Why opening up our contract is opening up Pandora’s box
Q. What concessions is San Diego Unified asking us for?
A. There are four things that the district is asking:
1. A continuation of the furlough days.
2. Forgoing our agreed upon raises over the next two years.
3. Taking a 6% salary cut on top of the furlough days and forgoing our raises.
4. Capping healthcare at the Kaiser rate (meaning members pay the difference in order to keep other providers).
Q. What happens if we agree to open our contract but we can’t reach a deal? Do we automatically keep the contract the way it is now?
A. No. Once we open our contract mid-term, the same rules apply as if we were in regular negotiations. That means that if we don’t reach a deal, the district can take us to impasse and then impose their last, best, final offer. That means SDEA might open our contract thinking that we will just end up extending furlough days, but then the could district impose ALL of the concessions they want on us, like it or not.
Q. Can we negotiate a side deal, but not open the whole contract?
A. Not really. It doesn’t matter what the euphemism is – “side letter” or “modification” or “narrow scope of negotiations” – you cannot do it without opening our wage article because that’s where the furlough days are (Article 7). The very act of even discussing a possible side letter about furlough days with the District is in and of itself negotiating. This was verified to the entire SDEA Board by a CTA negotiations specialist just last month. Once we engage in conversations with the District about changing current sections of the contract – which absolutely includes extending the furlough days and taking the associated pay decrease – we have opened the contract, which means they can impose. There is simply no way around it.
Q. But if the district imposes a contract on us, can’t we go on strike?
A. No. We cannot legally strike until our contract expires on June 30 of next year (2013). In normal negotiations at the end of a contract, we have leverage because we can strike if the district imposes a bad contract on us. But if we reopen parts of our contract right now before it expires, we have no real leverage because we have no “nuclear option” and the district knows it.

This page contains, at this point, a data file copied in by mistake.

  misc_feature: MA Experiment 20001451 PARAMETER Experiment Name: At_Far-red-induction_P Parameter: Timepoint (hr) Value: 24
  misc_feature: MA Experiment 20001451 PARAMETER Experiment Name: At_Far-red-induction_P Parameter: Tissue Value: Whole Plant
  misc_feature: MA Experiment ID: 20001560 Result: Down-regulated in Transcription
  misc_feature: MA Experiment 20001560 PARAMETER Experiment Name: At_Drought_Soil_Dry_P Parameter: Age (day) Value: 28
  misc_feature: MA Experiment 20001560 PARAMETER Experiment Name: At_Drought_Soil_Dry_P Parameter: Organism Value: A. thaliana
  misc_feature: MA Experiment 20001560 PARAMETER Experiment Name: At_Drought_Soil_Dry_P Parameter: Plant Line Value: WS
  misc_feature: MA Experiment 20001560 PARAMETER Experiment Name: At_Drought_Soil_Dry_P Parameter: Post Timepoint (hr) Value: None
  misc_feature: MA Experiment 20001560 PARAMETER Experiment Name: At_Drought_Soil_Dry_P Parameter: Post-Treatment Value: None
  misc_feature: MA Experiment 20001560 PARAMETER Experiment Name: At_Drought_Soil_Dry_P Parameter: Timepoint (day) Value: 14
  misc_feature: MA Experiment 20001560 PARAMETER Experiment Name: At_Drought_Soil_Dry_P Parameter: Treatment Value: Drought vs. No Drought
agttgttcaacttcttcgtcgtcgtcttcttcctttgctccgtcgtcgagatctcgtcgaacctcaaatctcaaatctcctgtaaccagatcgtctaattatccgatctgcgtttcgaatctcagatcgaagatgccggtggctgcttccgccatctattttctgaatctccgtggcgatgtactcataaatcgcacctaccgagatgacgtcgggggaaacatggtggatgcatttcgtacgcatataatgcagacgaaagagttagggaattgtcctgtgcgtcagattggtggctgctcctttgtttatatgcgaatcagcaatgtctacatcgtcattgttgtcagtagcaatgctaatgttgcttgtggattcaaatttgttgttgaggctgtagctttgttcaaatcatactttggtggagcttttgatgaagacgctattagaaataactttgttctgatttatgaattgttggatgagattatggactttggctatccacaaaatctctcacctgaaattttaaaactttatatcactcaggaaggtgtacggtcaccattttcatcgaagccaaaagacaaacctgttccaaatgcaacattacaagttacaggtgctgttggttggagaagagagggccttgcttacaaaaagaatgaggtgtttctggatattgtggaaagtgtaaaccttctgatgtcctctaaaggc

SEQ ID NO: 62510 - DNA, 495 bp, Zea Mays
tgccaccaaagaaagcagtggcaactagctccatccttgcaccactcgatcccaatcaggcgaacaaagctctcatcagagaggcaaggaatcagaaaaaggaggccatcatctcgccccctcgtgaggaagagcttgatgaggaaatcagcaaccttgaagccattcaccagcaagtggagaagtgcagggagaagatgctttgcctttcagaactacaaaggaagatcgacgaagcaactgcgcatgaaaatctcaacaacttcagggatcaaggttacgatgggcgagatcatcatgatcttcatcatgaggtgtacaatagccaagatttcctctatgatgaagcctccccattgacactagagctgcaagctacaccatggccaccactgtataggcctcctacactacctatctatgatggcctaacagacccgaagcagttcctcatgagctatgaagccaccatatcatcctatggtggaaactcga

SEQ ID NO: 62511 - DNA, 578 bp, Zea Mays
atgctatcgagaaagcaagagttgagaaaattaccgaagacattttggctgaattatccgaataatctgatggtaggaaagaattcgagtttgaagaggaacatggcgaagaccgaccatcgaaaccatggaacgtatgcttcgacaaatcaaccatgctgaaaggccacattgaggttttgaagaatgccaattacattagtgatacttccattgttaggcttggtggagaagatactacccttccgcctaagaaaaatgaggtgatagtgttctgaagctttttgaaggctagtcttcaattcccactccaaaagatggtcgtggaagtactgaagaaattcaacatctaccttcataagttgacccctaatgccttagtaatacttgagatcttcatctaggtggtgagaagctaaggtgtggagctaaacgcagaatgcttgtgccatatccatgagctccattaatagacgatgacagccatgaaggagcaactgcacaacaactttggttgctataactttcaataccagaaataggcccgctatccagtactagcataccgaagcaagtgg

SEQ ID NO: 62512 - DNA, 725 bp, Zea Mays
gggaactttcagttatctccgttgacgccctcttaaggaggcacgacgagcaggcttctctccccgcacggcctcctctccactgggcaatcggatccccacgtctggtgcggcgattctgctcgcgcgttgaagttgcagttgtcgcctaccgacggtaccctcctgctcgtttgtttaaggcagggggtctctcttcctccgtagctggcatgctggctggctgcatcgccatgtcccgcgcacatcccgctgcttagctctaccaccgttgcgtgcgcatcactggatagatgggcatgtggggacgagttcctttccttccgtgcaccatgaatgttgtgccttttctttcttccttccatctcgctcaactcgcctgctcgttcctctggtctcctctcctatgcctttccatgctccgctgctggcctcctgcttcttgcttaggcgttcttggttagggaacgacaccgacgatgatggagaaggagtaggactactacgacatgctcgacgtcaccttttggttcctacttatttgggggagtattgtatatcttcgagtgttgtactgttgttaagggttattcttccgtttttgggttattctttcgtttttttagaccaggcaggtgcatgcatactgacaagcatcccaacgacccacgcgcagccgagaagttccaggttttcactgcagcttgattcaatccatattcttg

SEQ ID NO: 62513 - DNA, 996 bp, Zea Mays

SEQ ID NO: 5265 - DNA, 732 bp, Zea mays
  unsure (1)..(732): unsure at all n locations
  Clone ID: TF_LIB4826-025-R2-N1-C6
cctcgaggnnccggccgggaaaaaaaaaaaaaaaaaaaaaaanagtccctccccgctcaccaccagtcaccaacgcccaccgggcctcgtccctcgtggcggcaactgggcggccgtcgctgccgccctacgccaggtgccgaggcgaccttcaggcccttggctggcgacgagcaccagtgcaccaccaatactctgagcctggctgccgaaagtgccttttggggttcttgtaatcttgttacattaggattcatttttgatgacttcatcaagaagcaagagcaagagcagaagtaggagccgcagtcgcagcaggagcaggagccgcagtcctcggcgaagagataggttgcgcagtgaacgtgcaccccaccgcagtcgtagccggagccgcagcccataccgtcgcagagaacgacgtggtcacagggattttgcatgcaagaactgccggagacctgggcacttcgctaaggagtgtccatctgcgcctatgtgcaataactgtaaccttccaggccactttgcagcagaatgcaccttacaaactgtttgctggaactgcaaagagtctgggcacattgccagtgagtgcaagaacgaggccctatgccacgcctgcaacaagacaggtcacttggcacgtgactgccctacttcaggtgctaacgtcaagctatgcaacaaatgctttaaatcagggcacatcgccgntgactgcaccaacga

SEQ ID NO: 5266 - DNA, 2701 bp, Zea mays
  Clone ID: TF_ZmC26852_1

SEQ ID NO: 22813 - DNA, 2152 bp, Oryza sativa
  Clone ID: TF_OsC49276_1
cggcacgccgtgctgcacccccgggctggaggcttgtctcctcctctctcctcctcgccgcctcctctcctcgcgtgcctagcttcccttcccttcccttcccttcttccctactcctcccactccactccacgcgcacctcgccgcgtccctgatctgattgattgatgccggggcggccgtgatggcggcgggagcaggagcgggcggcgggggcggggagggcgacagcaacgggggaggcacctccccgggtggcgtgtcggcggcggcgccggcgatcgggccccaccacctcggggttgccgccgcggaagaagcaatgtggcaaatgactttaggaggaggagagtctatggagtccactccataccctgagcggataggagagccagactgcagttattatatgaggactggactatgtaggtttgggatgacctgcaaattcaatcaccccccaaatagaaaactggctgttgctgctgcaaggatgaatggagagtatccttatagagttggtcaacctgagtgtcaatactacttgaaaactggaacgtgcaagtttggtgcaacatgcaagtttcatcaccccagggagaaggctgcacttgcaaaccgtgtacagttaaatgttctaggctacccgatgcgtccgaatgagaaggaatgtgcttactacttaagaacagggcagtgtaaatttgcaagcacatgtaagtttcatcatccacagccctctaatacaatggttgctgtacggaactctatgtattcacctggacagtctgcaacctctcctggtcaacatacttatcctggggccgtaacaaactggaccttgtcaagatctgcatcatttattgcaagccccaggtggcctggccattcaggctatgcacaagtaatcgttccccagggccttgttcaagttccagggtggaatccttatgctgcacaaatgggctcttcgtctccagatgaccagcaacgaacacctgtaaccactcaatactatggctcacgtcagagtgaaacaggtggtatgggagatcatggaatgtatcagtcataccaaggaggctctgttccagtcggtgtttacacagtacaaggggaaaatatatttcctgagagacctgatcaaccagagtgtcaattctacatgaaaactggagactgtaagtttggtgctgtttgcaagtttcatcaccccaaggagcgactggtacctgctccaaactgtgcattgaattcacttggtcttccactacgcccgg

Q. Why does it matter if our strike is legal?
A. If we strike illegally, we give up our rights to return to our jobs. The district can hire permanent replacements for us.
Q. So to be clear: We could open our contract, the district could impose the massive healthcare and salary cuts that it wants on us unilaterally and STILL lay off teachers, and we would have no legal recourse?
Q. Would opening the contract now make future negotiations easier?
A. The opposite would be true. Remember, we’re about to negotiate our new contract next year anyway. Even if we could trust the District to negotiate with us fairly (which we can’t), if we agree to make concessions in exchange for layoffs now, what we’ll do is teach the District how to pry open every contract we ever negotiate with them from here on out: issue layoffs they don’t need and wait till we come back to the table. The result would be that year after year with no end, the same teachers would get the same layoff notices. That would become our new normal.
Q. Does opening the contract mean that all lay-off notices are going to be recalled?
A. No. The district has never stated that employee concessions will result in all lay-offs being recalled. There is absolutely no guarantee of any lay-offs being recalled if we agree to salary and benefit concessions.
Q. Can we keep the furlough days and still get the agreed upon wages over the next two years?
A. Not necessarily… If we were to open up the contract to negotiate furlough days, it would be virtually impossible to do so without opening whole wage article for negotiation. This would leave us wide open to salary cuts and changes in our working hours because the District could pursue impasse and unilaterally impose concessions on us.
Q. What is the harm in agreeing to open communication with the district?
A. The district sees this as an either or situation. Either we negotiate concessions or there will be massive layoffs. They have not offered a middle ground, nor have they guaranteed that concessions will result in a recall of all laid-off employees, or that lay-offs will offset the need for concessions. Right now they only want to talk about one thing: concessions. Do we really want to engage in this conversation?
Q. Don’t SDEA members get to vote on whether to open the contract?
A. No. Under California’s education labor law (the EERA) SDEA leadership can open the contract without member consent. However, the leadership is less likely to do so if members unite and speak out against it.
A public school employer or such representatives as it may designate who may, but need not be, subject to either certification requirements or requirements for classified employees set forth in the Education Code, shall meet and negotiate with and only with representatives of employee organizations selected as exclusive representatives of appropriate units upon request with regard to matters within the scope of representation.”
No requirement for member pre-approval. In fact, the requirement for ratification stems from SDEA bylaws only, not EERA.